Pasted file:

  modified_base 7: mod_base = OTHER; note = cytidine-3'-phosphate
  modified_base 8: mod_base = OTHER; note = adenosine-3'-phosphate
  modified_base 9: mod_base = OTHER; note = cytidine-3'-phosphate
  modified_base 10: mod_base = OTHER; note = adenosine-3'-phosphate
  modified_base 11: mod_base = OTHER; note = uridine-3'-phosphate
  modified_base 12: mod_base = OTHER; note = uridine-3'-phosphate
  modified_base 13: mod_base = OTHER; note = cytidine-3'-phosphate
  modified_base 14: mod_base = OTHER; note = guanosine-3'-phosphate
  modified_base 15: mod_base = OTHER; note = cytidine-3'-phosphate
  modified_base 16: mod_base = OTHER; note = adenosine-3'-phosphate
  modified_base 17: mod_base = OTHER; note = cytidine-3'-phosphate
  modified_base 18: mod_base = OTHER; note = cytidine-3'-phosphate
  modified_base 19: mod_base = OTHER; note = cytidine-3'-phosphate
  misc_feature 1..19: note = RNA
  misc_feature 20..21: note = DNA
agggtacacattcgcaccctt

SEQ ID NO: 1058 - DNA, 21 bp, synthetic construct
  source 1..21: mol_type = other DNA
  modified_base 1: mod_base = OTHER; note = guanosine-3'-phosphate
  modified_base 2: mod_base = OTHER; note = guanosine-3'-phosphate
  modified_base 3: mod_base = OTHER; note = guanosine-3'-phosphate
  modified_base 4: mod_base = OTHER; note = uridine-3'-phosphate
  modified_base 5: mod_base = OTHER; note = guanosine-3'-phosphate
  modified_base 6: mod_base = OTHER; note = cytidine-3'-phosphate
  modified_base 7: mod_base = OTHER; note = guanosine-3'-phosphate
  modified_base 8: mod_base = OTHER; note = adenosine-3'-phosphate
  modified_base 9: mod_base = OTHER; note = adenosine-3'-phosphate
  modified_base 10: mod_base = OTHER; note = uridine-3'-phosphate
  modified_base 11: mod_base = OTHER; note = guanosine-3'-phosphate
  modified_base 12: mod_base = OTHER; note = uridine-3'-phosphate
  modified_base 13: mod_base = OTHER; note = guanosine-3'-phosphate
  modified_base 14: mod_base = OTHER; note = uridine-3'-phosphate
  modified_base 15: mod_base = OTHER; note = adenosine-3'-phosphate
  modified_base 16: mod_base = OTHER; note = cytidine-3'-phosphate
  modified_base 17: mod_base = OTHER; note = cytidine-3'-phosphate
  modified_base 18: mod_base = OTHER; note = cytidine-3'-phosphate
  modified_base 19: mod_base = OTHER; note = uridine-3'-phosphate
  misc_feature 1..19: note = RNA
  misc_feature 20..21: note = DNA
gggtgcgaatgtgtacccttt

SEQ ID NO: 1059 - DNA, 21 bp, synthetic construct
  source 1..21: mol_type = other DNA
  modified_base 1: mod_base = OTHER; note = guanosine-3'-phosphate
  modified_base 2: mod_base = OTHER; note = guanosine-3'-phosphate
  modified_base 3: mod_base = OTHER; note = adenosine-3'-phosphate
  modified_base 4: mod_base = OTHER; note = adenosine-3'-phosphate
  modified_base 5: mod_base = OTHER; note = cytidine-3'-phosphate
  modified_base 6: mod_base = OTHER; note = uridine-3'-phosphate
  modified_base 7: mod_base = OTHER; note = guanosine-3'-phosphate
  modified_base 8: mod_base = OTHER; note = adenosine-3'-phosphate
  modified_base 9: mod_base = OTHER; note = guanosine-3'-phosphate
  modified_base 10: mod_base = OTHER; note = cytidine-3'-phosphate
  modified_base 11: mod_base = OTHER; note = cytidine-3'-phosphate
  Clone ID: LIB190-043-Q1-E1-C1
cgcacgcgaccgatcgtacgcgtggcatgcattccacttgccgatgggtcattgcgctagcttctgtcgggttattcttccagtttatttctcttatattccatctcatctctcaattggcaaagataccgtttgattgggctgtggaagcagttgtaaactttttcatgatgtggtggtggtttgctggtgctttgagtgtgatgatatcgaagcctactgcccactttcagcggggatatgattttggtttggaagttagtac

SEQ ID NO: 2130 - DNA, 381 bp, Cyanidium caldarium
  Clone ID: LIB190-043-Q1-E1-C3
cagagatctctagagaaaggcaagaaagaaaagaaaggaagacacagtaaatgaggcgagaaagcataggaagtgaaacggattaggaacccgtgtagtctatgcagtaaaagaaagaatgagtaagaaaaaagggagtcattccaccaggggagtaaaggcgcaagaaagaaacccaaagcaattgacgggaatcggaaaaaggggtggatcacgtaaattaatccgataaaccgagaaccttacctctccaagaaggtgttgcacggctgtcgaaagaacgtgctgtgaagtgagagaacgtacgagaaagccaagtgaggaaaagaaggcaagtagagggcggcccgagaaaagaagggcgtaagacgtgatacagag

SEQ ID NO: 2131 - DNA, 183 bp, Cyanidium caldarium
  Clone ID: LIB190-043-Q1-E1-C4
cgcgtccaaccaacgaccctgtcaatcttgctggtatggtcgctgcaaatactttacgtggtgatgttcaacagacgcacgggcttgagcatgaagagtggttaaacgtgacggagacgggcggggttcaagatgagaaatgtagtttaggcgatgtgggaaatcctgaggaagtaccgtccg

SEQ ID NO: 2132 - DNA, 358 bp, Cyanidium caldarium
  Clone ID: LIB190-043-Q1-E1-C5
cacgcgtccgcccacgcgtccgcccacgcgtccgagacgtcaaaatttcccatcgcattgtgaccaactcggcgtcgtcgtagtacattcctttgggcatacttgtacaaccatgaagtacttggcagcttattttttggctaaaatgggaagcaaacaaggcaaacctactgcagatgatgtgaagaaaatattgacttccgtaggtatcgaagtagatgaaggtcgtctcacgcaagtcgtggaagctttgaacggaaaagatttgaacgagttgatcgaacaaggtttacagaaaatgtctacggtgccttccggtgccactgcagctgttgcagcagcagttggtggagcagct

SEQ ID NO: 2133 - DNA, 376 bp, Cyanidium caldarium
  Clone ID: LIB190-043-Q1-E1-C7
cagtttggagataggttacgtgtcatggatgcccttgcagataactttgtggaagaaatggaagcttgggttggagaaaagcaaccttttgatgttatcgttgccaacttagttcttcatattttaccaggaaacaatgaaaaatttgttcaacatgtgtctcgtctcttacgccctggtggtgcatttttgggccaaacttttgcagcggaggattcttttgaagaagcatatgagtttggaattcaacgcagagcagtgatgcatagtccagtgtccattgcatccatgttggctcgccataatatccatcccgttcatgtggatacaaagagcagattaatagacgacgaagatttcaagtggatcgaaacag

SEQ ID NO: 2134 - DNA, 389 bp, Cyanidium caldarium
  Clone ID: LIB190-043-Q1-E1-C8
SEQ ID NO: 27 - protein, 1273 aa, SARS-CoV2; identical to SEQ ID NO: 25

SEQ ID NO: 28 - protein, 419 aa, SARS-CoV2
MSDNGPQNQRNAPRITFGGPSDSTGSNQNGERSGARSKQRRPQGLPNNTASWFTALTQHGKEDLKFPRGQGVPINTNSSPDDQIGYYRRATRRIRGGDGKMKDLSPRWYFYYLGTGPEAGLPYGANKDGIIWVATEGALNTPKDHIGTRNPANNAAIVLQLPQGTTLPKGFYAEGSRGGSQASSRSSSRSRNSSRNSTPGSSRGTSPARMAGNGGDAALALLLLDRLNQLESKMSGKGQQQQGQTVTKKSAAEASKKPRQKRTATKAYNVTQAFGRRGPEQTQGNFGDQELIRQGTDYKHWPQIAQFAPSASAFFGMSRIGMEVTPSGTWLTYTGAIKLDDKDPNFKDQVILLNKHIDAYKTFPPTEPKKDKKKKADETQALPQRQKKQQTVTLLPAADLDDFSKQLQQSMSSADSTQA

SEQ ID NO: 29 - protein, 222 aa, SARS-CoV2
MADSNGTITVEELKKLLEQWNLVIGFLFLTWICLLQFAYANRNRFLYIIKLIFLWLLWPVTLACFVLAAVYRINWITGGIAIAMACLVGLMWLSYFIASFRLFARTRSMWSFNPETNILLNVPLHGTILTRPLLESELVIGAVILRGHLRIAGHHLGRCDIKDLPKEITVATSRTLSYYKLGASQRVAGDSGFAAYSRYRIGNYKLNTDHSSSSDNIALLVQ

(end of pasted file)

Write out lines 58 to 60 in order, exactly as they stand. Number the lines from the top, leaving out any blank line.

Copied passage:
cagagatctctagagaaaggcaagaaagaaaagaaaggaagacacagtaaatgaggcgagaaagcataggaagtgaaacggattaggaacccgtgtagtctatgcagtaaaagaaagaatgagtaagaaaaaagggagtcattccaccaggggagtaaaggcgcaagaaagaaacccaaagcaattgacgggaatcggaaaaaggggtggatcacgtaaattaatccgataaaccgagaaccttacctctccaagaaggtgttgcacggctgtcgaaagaacgtgctgtgaagtgagagaacgtacgagaaagccaagtgaggaaaagaaggcaagtagagggcggcccgagaaaagaagggcgtaagacgtgatacagag

SEQ ID NO: 2131 - DNA, 183 bp, Cyanidium caldarium
  Clone ID: LIB190-043-Q1-E1-C4